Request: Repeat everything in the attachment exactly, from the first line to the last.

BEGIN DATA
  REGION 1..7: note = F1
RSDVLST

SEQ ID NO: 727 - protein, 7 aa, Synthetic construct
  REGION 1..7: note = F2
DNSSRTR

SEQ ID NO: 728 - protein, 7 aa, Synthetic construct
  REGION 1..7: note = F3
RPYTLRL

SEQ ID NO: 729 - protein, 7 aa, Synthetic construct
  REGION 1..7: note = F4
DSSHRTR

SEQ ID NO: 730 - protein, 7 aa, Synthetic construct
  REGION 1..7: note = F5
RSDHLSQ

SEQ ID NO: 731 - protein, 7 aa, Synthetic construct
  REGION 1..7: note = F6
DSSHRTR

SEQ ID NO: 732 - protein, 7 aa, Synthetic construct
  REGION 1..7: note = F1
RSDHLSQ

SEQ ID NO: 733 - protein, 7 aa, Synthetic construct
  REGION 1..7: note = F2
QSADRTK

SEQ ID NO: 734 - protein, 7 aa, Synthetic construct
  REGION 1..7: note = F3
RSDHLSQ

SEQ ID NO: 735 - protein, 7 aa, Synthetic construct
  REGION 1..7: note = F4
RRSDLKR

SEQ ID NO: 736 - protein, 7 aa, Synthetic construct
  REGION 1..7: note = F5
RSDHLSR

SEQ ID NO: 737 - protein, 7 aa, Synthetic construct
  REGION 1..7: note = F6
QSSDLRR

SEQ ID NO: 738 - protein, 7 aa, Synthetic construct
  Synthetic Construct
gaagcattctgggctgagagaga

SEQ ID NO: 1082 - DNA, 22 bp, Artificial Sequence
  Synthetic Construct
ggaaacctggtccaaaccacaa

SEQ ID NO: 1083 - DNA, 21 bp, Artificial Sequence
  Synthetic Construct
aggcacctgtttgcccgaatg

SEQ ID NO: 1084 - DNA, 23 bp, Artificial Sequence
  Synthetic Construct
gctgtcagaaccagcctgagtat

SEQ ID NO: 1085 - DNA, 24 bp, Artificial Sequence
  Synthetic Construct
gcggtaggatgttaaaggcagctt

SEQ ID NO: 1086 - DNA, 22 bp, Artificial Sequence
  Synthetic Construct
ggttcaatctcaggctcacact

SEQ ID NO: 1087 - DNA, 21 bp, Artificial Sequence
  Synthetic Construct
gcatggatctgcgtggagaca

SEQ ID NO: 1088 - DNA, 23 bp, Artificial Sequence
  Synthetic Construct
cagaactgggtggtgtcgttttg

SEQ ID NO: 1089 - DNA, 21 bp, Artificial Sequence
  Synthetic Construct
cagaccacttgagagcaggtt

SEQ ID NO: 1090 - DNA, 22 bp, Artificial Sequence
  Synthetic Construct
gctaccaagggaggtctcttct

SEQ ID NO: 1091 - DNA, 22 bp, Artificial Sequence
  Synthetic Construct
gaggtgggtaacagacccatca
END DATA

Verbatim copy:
  REGION 1..7: note = F1
RSDVLST

SEQ ID NO: 727 - protein, 7 aa, Synthetic construct
  REGION 1..7: note = F2
DNSSRTR

SEQ ID NO: 728 - protein, 7 aa, Synthetic construct
  REGION 1..7: note = F3
RPYTLRL

SEQ ID NO: 729 - protein, 7 aa, Synthetic construct
  REGION 1..7: note = F4
DSSHRTR

SEQ ID NO: 730 - protein, 7 aa, Synthetic construct
  REGION 1..7: note = F5
RSDHLSQ

SEQ ID NO: 731 - protein, 7 aa, Synthetic construct
  REGION 1..7: note = F6
DSSHRTR

SEQ ID NO: 732 - protein, 7 aa, Synthetic construct
  REGION 1..7: note = F1
RSDHLSQ

SEQ ID NO: 733 - protein, 7 aa, Synthetic construct
  REGION 1..7: note = F2
QSADRTK

SEQ ID NO: 734 - protein, 7 aa, Synthetic construct
  REGION 1..7: note = F3
RSDHLSQ

SEQ ID NO: 735 - protein, 7 aa, Synthetic construct
  REGION 1..7: note = F4
RRSDLKR

SEQ ID NO: 736 - protein, 7 aa, Synthetic construct
  REGION 1..7: note = F5
RSDHLSR

SEQ ID NO: 737 - protein, 7 aa, Synthetic construct
  REGION 1..7: note = F6
QSSDLRR

SEQ ID NO: 738 - protein, 7 aa, Synthetic construct
  Synthetic Construct
gaagcattctgggctgagagaga

SEQ ID NO: 1082 - DNA, 22 bp, Artificial Sequence
  Synthetic Construct
ggaaacctggtccaaaccacaa

SEQ ID NO: 1083 - DNA, 21 bp, Artificial Sequence
  Synthetic Construct
aggcacctgtttgcccgaatg

SEQ ID NO: 1084 - DNA, 23 bp, Artificial Sequence
  Synthetic Construct
gctgtcagaaccagcctgagtat

SEQ ID NO: 1085 - DNA, 24 bp, Artificial Sequence
  Synthetic Construct
gcggtaggatgttaaaggcagctt

SEQ ID NO: 1086 - DNA, 22 bp, Artificial Sequence
  Synthetic Construct
ggttcaatctcaggctcacact

SEQ ID NO: 1087 - DNA, 21 bp, Artificial Sequence
  Synthetic Construct
gcatggatctgcgtggagaca

SEQ ID NO: 1088 - DNA, 23 bp, Artificial Sequence
  Synthetic Construct
cagaactgggtggtgtcgttttg

SEQ ID NO: 1089 - DNA, 21 bp, Artificial Sequence
  Synthetic Construct
cagaccacttgagagcaggtt

SEQ ID NO: 1090 - DNA, 22 bp, Artificial Sequence
  Synthetic Construct
gctaccaagggaggtctcttct

SEQ ID NO: 1091 - DNA, 22 bp, Artificial Sequence
  Synthetic Construct
gaggtgggtaacagacccatca